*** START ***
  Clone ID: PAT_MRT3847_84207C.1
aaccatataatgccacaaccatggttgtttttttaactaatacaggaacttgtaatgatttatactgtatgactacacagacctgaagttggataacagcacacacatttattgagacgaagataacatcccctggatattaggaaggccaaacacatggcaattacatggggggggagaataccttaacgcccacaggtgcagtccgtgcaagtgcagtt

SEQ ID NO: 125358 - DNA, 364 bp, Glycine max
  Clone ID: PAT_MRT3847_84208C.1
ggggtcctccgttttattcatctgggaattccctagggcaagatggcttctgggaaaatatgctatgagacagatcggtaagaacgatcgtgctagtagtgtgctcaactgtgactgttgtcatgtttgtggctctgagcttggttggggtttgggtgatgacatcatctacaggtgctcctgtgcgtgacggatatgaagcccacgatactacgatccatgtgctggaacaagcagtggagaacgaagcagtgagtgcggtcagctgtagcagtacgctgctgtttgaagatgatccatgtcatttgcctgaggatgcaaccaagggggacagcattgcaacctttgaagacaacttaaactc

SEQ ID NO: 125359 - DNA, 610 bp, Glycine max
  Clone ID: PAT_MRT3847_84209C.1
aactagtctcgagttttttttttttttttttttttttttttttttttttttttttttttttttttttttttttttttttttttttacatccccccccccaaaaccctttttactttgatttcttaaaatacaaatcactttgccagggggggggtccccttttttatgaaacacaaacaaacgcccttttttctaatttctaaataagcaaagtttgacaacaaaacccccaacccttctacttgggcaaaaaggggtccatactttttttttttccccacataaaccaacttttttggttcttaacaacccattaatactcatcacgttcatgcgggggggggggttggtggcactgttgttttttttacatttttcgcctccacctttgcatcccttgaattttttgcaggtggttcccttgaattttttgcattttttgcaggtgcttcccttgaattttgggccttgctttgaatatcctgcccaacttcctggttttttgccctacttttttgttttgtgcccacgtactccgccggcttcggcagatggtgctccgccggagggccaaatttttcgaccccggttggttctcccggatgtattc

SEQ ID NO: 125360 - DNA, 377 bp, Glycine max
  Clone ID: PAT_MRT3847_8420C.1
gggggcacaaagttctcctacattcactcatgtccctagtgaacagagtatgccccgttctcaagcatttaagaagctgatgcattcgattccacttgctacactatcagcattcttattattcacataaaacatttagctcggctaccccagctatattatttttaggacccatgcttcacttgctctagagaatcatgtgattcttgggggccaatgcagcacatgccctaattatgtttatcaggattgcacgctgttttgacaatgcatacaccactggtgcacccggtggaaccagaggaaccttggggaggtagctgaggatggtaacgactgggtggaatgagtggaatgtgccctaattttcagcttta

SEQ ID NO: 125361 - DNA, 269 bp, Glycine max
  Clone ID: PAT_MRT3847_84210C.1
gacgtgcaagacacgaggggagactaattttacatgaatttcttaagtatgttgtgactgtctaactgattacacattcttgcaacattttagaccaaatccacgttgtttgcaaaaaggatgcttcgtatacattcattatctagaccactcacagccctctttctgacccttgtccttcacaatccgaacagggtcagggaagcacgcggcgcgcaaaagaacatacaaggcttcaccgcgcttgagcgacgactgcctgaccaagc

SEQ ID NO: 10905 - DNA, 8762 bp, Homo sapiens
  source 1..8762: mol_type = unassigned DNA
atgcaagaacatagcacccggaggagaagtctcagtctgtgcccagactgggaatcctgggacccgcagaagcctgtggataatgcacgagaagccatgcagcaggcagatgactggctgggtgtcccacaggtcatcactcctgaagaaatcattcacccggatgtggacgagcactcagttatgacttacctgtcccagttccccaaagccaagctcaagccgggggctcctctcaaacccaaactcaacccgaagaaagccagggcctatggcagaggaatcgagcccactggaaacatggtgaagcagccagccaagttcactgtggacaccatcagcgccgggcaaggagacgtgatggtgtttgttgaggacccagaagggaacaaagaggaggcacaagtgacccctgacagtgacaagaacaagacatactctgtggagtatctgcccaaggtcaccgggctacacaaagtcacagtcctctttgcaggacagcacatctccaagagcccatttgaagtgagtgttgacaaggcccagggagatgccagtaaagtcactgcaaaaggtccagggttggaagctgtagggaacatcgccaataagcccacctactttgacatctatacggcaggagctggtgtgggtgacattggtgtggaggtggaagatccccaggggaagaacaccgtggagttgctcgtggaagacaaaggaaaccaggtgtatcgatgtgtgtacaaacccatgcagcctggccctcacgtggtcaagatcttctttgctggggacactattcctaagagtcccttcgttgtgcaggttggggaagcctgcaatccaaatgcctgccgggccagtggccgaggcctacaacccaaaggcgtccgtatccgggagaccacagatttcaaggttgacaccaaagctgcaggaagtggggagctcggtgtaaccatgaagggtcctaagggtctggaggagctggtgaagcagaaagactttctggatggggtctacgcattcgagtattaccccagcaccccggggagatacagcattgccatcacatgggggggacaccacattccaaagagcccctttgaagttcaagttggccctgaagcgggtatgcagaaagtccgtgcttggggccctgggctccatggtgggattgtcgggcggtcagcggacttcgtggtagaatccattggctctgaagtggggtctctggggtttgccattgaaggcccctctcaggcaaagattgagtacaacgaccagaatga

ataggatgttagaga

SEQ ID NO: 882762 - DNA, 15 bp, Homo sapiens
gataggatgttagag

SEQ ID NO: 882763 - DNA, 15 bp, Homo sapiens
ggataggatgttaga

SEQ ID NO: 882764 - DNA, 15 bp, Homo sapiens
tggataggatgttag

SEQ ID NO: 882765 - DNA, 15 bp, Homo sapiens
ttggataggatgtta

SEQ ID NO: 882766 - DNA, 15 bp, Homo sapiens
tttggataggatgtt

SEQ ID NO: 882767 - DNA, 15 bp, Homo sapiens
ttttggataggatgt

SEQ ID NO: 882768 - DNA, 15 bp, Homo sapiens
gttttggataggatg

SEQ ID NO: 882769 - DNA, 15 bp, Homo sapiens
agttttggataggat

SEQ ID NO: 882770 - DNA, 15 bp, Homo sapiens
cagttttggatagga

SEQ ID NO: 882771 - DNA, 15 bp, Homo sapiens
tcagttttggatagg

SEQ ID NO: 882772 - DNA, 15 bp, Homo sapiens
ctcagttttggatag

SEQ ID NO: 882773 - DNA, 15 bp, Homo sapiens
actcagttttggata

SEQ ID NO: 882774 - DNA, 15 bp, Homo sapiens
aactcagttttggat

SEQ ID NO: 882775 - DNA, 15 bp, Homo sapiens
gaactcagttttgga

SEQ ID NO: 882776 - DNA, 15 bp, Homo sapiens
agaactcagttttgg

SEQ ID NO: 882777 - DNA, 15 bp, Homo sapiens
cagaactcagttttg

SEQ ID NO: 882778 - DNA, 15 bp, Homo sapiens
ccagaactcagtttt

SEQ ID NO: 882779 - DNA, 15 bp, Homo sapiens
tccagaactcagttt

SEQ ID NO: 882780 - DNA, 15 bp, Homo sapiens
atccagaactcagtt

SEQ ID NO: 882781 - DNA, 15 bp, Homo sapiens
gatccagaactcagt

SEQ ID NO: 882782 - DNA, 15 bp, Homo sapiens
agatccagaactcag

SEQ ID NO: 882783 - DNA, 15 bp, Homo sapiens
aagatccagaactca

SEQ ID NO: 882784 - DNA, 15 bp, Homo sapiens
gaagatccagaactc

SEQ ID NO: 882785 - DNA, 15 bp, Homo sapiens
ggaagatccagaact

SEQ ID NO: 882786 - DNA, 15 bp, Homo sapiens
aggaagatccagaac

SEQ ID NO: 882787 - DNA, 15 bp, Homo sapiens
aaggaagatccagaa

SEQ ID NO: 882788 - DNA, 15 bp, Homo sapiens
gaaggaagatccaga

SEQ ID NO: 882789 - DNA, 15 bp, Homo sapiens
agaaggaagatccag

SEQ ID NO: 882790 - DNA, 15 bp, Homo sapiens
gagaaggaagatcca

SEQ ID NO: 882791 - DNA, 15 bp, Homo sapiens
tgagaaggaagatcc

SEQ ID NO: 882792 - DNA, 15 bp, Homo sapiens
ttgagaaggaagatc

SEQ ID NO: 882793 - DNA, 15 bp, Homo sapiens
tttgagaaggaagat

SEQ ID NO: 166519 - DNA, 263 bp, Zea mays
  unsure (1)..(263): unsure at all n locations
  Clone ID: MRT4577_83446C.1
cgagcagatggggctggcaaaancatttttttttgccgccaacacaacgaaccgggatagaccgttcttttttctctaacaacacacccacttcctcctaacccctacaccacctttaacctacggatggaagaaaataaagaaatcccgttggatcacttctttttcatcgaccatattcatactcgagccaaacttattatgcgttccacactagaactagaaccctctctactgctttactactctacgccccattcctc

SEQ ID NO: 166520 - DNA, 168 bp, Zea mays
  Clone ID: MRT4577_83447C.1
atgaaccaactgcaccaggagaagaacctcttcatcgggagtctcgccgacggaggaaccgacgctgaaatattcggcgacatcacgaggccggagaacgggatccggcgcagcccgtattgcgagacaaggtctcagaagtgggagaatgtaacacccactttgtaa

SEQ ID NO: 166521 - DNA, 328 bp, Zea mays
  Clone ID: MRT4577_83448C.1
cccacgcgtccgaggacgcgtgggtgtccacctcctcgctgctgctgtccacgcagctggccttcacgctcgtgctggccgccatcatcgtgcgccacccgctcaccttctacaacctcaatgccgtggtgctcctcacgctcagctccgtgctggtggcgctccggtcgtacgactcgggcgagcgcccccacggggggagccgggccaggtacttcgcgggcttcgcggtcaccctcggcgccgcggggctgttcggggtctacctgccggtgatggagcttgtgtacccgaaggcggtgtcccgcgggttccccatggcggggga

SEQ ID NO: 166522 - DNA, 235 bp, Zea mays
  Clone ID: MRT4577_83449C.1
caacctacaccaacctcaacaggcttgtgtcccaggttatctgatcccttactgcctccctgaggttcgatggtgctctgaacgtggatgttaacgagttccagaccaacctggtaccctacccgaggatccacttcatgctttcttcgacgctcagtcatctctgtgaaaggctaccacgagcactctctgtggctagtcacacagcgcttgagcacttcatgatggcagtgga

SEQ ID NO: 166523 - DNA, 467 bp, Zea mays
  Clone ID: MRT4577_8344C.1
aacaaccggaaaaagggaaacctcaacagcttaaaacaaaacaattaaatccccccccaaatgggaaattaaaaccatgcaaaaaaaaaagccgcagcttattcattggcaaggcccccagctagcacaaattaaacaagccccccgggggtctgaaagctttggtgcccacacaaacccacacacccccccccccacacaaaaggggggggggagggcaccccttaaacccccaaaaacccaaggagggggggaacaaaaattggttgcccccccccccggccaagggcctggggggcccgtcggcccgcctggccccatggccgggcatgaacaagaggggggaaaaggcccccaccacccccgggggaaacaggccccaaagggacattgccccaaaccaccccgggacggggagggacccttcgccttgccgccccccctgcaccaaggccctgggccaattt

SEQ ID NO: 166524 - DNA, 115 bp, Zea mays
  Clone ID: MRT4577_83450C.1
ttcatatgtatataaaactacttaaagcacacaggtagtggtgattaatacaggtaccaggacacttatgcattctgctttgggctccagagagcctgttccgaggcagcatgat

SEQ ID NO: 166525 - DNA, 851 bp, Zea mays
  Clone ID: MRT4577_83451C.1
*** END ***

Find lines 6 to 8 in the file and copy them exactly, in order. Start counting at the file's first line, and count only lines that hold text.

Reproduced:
SEQ ID NO: 125359 - DNA, 610 bp, Glycine max
  Clone ID: PAT_MRT3847_84209C.1
aactagtctcgagttttttttttttttttttttttttttttttttttttttttttttttttttttttttttttttttttttttttacatccccccccccaaaaccctttttactttgatttcttaaaatacaaatcactttgccagggggggggtccccttttttatgaaacacaaacaaacgcccttttttctaatttctaaataagcaaagtttgacaacaaaacccccaacccttctacttgggcaaaaaggggtccatactttttttttttccccacataaaccaacttttttggttcttaacaacccattaatactcatcacgttcatgcgggggggggggttggtggcactgttgttttttttacatttttcgcctccacctttgcatcccttgaattttttgcaggtggttcccttgaattttttgcattttttgcaggtgcttcccttgaattttgggccttgctttgaatatcctgcccaacttcctggttttttgccctacttttttgttttgtgcccacgtactccgccggcttcggcagatggtgctccgccggagggccaaatttttcgaccccggttggttctcccggatgtattc